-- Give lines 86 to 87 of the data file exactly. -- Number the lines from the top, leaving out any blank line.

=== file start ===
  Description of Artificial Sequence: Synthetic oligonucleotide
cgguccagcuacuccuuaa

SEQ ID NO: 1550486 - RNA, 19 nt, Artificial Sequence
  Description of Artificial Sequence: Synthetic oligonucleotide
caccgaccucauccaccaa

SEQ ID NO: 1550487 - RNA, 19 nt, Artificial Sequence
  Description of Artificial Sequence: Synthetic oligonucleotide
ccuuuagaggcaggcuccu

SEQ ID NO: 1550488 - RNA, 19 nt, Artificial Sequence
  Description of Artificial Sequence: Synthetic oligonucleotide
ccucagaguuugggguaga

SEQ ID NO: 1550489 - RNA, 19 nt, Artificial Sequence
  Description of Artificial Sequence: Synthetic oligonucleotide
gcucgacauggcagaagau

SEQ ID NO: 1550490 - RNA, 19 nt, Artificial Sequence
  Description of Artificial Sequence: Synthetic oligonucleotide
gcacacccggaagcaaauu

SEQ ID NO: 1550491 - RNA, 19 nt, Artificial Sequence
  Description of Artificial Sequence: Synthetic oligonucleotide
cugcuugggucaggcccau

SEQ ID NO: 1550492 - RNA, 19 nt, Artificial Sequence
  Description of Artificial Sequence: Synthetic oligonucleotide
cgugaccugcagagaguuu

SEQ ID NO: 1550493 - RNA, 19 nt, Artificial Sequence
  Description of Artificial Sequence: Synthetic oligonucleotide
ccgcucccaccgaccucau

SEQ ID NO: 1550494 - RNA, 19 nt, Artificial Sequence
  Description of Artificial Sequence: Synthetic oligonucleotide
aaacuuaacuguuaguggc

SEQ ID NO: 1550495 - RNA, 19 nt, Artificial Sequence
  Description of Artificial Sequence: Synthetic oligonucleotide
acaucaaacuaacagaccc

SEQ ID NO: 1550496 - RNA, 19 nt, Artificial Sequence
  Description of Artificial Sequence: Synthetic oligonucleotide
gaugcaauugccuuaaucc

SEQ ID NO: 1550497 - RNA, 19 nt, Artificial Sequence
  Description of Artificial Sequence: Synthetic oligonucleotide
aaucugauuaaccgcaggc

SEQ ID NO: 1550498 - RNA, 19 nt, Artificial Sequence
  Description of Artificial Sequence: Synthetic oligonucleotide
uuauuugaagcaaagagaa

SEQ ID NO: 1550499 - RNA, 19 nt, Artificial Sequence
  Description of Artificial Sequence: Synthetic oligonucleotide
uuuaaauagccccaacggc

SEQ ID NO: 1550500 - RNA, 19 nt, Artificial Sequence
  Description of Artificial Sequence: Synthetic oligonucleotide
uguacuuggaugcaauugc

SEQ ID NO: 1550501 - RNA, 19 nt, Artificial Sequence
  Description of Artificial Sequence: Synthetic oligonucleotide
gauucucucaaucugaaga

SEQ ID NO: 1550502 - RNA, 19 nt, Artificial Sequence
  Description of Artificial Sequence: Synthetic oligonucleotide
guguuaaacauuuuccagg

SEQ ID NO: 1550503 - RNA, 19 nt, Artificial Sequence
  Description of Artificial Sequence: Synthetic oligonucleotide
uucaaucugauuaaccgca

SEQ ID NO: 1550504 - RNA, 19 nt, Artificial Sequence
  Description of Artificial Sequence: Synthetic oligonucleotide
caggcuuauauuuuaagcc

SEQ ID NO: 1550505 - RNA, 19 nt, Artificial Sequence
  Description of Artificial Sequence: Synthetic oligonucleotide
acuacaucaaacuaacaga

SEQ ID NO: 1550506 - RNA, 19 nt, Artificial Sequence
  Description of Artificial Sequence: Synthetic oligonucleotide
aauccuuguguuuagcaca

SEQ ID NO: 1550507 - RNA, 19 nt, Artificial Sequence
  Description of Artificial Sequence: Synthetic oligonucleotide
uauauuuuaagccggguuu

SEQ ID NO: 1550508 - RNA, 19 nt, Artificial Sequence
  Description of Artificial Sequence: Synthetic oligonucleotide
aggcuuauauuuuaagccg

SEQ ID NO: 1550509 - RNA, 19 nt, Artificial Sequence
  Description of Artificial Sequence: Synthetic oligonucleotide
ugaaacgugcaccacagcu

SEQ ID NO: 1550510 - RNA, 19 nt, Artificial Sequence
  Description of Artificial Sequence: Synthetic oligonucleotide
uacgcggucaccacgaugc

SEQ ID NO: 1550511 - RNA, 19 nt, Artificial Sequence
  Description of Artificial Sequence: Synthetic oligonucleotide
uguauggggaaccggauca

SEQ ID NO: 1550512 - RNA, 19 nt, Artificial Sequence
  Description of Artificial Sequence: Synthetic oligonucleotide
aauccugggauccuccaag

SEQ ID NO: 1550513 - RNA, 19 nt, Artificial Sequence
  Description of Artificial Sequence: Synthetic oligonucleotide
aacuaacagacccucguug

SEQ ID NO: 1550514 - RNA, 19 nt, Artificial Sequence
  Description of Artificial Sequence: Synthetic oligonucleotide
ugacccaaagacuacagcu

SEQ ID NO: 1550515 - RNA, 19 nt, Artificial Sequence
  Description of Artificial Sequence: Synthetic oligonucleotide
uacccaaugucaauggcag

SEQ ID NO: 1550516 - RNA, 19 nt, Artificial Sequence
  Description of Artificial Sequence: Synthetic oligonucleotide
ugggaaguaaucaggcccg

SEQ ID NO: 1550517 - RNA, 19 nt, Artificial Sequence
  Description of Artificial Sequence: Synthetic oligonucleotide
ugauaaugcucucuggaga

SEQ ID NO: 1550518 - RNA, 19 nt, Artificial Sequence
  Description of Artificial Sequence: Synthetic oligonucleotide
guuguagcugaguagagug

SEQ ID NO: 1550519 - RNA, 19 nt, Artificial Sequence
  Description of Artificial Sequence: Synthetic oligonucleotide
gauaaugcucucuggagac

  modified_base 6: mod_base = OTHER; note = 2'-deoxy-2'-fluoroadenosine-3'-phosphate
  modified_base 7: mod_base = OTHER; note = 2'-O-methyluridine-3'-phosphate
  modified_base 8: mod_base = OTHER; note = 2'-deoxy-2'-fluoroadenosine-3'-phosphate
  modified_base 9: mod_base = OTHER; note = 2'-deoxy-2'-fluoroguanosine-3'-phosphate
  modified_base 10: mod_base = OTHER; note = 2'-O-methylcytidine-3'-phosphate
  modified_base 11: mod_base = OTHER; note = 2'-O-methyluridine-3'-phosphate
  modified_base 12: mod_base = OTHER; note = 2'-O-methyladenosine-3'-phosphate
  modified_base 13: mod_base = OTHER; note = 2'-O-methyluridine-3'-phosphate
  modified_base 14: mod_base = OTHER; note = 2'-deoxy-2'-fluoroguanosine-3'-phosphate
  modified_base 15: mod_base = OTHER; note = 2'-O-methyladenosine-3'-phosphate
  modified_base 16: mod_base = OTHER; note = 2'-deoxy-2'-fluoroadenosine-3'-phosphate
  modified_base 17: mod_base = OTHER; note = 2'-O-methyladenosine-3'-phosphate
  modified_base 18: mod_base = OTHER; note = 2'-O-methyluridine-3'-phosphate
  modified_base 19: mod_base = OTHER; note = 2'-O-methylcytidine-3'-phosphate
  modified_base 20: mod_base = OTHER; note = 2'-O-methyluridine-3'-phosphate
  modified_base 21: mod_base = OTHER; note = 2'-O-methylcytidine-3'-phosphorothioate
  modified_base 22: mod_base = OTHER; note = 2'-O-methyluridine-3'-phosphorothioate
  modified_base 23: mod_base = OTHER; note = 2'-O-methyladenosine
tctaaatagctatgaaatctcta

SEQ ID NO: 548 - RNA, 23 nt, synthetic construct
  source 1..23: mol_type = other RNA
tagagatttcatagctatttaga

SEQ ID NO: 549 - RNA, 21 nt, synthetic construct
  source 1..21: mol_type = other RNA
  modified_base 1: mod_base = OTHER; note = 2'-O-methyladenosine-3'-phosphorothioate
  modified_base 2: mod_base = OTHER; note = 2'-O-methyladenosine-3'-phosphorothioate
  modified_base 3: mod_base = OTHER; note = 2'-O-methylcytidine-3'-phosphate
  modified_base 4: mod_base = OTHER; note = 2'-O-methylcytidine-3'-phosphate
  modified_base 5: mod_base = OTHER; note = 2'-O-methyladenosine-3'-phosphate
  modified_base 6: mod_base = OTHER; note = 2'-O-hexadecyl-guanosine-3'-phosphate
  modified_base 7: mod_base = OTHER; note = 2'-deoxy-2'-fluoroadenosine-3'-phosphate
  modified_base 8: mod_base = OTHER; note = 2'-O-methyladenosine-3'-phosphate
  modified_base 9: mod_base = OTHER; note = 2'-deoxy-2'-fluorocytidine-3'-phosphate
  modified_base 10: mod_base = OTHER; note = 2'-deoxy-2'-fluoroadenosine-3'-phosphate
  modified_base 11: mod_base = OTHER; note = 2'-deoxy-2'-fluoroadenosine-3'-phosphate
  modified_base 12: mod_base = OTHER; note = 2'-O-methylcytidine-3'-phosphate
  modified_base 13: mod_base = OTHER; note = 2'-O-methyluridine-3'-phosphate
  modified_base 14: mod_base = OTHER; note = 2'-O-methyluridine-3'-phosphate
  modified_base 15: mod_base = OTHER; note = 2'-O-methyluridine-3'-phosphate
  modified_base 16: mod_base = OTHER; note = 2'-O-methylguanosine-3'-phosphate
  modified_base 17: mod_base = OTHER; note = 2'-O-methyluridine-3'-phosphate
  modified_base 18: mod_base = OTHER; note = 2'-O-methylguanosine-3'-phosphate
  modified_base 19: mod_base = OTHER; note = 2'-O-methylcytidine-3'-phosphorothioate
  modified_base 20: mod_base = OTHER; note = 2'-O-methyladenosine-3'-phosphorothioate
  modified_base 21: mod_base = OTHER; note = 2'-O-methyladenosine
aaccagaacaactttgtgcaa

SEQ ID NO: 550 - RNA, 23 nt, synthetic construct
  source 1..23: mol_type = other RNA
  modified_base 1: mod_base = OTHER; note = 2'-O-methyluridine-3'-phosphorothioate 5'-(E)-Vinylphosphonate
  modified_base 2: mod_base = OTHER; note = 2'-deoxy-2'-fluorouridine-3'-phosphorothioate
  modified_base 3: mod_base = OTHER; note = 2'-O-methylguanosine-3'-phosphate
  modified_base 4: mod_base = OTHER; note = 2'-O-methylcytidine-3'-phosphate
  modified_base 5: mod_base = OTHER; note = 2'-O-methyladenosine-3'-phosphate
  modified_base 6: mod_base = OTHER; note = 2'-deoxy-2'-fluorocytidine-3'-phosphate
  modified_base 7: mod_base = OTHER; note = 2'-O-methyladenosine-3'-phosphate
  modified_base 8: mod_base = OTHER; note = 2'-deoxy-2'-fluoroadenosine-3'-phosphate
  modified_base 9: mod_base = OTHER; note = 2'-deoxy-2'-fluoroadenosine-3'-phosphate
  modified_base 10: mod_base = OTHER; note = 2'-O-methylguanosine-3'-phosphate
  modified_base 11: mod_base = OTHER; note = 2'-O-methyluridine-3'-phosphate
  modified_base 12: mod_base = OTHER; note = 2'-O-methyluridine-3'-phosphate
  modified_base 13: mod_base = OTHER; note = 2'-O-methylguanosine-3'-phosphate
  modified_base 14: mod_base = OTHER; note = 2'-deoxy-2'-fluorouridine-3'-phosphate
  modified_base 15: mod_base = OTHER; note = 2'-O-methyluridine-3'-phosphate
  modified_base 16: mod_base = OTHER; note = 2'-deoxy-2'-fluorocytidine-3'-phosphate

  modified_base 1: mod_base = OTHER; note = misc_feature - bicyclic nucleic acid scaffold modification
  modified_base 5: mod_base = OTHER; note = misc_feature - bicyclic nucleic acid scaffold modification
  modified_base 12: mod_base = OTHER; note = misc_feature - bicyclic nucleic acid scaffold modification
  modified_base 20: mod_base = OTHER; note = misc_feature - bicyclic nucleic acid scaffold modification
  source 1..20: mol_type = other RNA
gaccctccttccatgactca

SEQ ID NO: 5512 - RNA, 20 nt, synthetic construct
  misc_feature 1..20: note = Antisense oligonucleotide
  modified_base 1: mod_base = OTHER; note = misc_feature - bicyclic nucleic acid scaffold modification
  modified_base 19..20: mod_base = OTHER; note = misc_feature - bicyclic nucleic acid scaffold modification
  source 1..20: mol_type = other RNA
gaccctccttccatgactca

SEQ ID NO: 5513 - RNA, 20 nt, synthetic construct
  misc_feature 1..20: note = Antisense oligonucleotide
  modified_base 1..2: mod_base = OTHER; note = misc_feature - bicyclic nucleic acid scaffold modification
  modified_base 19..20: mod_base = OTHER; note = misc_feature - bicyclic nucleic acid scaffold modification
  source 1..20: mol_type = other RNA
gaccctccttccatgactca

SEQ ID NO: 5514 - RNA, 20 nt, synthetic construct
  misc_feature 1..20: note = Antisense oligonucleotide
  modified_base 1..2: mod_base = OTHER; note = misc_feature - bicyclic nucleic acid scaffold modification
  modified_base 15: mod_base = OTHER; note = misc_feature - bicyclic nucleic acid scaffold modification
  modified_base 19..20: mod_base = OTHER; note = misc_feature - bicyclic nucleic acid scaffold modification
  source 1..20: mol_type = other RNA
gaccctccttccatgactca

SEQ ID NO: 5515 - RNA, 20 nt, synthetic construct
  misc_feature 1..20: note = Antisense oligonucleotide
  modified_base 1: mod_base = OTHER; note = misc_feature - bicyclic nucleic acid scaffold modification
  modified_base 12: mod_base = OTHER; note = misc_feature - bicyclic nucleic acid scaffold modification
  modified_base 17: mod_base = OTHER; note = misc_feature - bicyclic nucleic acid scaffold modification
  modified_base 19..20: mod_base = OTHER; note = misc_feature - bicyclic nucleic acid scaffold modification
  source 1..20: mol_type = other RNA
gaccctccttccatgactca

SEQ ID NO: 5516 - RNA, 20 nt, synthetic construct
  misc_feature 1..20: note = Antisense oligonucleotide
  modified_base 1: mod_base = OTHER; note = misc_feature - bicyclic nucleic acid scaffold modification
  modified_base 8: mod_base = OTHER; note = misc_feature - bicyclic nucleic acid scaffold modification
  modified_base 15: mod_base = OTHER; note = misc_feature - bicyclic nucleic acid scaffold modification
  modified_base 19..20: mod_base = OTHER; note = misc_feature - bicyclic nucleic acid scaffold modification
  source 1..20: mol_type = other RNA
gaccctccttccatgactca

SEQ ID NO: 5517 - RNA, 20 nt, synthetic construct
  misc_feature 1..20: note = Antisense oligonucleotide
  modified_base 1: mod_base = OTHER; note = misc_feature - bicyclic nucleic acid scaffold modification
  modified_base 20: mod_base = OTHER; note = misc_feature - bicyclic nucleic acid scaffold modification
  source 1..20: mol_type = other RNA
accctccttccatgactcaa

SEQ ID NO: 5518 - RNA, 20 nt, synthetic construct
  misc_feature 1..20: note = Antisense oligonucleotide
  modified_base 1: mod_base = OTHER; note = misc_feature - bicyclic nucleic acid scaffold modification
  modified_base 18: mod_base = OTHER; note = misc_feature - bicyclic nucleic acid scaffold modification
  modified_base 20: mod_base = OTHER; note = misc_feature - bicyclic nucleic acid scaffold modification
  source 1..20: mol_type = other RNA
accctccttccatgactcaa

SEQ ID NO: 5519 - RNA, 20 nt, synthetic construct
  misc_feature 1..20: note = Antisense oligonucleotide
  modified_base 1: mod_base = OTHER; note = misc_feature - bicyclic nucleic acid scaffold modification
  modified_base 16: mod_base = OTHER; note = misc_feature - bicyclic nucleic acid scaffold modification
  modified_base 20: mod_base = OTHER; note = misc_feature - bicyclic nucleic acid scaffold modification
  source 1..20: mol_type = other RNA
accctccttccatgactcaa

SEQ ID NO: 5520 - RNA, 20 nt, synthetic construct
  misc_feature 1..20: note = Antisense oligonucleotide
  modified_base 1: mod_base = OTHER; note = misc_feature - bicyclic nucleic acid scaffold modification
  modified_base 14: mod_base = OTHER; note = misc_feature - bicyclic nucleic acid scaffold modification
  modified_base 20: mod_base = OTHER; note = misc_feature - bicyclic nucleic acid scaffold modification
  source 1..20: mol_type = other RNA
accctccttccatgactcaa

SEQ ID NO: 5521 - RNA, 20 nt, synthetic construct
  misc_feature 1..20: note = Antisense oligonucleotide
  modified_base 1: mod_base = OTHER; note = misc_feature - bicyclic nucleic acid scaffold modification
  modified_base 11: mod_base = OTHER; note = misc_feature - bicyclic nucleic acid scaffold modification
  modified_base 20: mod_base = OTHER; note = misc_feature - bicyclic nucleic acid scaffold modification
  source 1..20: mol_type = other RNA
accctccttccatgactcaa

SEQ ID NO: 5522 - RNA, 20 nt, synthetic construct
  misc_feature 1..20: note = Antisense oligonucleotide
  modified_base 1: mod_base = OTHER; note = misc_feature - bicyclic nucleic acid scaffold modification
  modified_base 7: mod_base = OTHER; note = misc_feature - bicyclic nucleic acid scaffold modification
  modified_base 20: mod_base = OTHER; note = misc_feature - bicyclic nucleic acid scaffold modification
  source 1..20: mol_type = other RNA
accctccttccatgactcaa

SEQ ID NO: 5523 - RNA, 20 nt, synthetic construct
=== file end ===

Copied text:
aacuaacagacccucguug

SEQ ID NO: 1550514 - RNA, 19 nt, Artificial Sequence